Elizabeth Gunto, staff writer
The dormitory doors now have new locks, which must be activated by students’ ID cards. Before, anyone who had the numerical code could access the dormitories. The Resistance Intervention Safety Empowerment (RISE) Project, led by Kelly Kelbel, spent around $30,000 on the new ID locks. The money came from a government grant.
Last year there were several incidents of people with criminal backgrounds staying on campus. Due to this, some people feel that the new locks are important to protect the community. However, others feel that the ID locks were a waste of money. The opponents point out that there are unlocked back doors in several buildings that can still be accessed. Also, students often prop open the locked doors. Some students are also frustrated that they cannot get into their dorms without their IDs if they forget to bring the IDs with them.
Kelbel explained why the new locks were put in.
“I have worked with students who were experiencing stalking by off campus folks, some of them ex-partners, and easy access to where they live was terrifying to them,”she said. “Having secured, locked doors is another way to support people in our community.”
Kelbel said that the new locks will make for a safer campus if the system is working effectively. An effective system means that the students are able to gain access to the residence halls, and no doors are propped open. This increased security of the buildings is beneficial to our community. However, she pointed out that the new locks are not an immediate fix for violence and stalking on campus. She stated that the majority of sexual assaults and stalking on campus are committed by Warren Wilson students, and we must remember that sexual violence is still a problem at Warren Wilson College, with or without the locks.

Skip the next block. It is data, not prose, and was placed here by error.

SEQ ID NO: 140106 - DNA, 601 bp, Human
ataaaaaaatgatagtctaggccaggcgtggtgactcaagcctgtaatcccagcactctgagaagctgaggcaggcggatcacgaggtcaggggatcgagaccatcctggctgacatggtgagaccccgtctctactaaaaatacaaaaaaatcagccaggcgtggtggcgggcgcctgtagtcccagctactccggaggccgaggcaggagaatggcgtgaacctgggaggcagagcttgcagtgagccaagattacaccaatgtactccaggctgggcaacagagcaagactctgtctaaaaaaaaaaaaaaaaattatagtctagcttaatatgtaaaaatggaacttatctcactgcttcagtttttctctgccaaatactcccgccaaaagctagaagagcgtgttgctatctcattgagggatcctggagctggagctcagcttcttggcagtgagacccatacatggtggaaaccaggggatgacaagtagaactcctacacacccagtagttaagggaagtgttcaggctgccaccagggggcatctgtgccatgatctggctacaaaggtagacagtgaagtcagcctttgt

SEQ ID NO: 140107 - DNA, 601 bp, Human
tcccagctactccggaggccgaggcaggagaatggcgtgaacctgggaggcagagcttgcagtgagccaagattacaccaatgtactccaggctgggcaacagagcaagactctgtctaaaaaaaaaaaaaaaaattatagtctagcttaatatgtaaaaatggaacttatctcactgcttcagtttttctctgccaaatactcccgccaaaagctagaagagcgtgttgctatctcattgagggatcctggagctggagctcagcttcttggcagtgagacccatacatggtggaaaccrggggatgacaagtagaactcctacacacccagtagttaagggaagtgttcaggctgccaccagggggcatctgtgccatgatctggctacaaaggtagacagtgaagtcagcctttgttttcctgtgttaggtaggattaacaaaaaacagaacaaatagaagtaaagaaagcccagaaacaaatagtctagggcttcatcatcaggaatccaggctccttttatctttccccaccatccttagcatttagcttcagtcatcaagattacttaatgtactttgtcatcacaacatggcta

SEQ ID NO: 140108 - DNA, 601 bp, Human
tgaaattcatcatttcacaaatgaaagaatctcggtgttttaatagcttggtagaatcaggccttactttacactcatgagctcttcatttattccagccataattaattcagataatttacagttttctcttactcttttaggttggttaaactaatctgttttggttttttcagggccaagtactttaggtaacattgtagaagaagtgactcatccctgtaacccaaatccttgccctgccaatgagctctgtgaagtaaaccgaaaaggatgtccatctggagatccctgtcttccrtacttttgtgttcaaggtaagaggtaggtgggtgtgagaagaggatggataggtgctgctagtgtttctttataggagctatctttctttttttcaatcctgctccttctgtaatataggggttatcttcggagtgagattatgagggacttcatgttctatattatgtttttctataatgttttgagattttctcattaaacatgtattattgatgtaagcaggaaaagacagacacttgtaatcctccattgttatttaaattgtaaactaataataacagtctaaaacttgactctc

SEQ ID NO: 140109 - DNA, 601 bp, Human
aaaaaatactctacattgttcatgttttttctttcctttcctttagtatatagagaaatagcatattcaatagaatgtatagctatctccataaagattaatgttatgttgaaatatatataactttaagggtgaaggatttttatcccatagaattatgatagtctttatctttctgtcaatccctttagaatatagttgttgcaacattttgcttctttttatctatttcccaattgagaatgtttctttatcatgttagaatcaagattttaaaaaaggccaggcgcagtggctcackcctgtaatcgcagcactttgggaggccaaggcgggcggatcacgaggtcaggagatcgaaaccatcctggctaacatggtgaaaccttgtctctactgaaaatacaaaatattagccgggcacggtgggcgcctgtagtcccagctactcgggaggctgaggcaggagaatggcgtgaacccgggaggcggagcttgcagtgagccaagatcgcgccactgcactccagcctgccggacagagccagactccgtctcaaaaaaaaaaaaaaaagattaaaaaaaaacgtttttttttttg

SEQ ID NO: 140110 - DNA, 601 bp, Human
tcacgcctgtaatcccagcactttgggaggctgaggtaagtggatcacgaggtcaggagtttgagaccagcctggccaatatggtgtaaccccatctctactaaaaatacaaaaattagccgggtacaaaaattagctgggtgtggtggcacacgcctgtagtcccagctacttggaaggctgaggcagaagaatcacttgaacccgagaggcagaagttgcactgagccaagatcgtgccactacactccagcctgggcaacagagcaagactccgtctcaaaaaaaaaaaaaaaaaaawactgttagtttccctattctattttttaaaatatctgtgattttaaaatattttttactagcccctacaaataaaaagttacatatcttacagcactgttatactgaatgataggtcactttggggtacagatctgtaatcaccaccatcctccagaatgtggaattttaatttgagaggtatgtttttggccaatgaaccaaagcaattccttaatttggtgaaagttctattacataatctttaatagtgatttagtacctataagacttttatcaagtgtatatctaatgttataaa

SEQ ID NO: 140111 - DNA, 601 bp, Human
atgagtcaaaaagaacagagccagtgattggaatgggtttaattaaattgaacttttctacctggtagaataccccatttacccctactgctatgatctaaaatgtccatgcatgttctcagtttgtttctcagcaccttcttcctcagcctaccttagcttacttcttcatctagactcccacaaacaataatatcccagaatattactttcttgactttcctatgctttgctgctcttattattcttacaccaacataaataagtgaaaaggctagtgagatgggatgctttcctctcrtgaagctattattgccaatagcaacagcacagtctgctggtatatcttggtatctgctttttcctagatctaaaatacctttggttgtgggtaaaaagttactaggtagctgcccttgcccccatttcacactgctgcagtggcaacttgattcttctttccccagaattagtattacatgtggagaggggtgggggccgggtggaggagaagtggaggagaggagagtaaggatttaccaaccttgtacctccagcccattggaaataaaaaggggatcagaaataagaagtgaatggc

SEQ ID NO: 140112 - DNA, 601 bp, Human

“Secured buildings will prevent some instances of violence, though not all. To work toward a violence free community, we need to shift the way that we think about sex, relationships, gender, privilege and oppression, nurture healthy relationships & communication, and no longer accept abuse as normative,” Kelbel said.
Terry Payne, director of Public Safety, agreed that the new locks will make the campus safer if students start using the front door instead of back doors and stop propping the doors open.
“The locks will work when people realize they need to use the front door, not back doors,” Payne said.
“Part of me feels safer that people need their IDs to get in, but I think it’s pointless when people prop the door open to get in. I think that [propping the door open] makes it easier for someone to get inside,” Junior Callie Baruch said.
Another issue is whether off-campus students should be allowed access to dormitories. Caucus voted that off-campus students can have access to dormitories, meaning their ID cards are activated. However, some people feel that letting off-campus students have access to dormitories invites dangerous people to come onto campus.